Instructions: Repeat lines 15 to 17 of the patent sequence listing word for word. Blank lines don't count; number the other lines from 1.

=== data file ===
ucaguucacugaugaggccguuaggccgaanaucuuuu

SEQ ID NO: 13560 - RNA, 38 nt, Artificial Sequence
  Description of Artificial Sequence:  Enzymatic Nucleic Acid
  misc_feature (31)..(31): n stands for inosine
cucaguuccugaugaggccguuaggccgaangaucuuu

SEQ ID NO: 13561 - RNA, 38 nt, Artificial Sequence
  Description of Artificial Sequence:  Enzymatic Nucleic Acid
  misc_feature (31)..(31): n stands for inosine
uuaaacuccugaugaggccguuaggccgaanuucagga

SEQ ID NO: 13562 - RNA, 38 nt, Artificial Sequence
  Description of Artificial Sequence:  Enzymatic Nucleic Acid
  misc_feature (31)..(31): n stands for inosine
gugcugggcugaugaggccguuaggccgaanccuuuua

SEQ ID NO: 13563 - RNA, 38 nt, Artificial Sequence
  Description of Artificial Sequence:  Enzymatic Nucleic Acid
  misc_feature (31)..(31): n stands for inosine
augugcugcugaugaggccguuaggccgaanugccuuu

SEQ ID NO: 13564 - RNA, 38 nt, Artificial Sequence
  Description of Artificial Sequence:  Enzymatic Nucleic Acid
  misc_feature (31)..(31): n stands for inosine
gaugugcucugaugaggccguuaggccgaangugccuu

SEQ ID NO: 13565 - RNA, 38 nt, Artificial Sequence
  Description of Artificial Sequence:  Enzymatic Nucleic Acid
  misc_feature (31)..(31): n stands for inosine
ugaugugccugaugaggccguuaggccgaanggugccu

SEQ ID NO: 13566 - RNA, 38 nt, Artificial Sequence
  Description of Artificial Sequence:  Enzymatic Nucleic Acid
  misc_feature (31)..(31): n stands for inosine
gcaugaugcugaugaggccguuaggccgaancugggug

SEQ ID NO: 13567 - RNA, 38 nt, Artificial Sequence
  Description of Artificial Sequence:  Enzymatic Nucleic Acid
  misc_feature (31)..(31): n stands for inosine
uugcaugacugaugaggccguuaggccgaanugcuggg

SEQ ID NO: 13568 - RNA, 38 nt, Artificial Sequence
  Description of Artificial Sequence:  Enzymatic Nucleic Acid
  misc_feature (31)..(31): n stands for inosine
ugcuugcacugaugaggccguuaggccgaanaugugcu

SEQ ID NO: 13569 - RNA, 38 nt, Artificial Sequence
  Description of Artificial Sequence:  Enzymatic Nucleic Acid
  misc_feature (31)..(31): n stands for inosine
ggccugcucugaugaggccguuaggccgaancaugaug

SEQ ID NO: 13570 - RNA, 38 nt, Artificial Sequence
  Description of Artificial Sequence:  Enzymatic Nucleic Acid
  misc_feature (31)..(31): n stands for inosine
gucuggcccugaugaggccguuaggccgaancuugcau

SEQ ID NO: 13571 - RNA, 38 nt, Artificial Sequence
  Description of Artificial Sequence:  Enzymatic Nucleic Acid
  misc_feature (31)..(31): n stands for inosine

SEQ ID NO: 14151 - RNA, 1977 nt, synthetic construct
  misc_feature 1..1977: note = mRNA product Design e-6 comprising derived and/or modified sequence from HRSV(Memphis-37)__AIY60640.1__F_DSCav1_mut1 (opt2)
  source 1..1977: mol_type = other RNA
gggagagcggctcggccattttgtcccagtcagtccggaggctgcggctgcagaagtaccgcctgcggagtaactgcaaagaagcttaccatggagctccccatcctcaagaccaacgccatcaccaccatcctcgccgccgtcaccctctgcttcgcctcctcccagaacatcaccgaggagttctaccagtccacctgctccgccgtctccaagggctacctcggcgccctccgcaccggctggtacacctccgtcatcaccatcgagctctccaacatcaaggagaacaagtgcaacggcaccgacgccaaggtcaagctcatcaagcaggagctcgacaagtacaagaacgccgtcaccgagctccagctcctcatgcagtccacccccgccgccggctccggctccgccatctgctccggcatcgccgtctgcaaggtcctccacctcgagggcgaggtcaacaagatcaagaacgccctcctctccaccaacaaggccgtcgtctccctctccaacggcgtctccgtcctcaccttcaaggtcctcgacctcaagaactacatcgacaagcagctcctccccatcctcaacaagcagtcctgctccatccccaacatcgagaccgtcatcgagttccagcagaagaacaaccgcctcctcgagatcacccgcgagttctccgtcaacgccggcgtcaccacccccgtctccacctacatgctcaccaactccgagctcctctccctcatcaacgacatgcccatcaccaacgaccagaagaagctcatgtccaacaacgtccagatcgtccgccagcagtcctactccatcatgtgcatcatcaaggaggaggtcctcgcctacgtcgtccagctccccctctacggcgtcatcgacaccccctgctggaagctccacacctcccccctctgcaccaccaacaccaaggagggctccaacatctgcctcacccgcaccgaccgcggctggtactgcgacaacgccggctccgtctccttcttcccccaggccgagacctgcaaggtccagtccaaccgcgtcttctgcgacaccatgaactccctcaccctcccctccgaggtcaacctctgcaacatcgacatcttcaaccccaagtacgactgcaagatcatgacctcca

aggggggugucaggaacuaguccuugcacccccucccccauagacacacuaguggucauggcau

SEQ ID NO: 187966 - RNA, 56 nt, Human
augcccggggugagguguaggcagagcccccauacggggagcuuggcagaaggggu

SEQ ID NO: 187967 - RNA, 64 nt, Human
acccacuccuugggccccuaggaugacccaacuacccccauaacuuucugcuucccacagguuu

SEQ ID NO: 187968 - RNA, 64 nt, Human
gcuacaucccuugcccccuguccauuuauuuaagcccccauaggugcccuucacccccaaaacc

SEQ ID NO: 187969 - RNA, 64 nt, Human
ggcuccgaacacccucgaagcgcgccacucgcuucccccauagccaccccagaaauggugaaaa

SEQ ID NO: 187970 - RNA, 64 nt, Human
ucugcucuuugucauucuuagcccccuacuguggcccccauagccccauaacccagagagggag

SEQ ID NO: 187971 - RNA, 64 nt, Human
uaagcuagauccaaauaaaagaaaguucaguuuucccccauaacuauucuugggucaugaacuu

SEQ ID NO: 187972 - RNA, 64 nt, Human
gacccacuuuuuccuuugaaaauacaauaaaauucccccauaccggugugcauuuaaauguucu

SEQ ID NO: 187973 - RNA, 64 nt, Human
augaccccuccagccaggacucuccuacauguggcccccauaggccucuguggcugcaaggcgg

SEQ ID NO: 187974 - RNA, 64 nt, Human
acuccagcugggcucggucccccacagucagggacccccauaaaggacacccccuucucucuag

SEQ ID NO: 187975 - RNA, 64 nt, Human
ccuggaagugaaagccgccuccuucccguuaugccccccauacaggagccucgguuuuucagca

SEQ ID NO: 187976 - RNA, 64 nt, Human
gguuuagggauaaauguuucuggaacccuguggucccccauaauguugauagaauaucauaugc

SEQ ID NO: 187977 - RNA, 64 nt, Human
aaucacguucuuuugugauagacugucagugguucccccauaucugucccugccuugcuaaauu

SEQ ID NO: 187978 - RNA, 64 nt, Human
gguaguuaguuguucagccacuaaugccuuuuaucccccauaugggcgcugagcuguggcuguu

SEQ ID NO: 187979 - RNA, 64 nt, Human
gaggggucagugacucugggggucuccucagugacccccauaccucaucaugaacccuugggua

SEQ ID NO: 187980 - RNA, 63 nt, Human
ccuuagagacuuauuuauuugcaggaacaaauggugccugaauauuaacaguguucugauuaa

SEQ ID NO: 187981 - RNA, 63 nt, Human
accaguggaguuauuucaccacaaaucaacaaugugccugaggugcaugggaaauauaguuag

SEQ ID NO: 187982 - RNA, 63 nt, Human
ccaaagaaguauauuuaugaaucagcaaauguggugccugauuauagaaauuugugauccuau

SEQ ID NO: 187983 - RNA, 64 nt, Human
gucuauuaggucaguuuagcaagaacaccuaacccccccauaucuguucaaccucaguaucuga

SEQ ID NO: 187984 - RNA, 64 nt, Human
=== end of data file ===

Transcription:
  Description of Artificial Sequence:  Enzymatic Nucleic Acid
  misc_feature (31)..(31): n stands for inosine
augugcugcugaugaggccguuaggccgaanugccuuu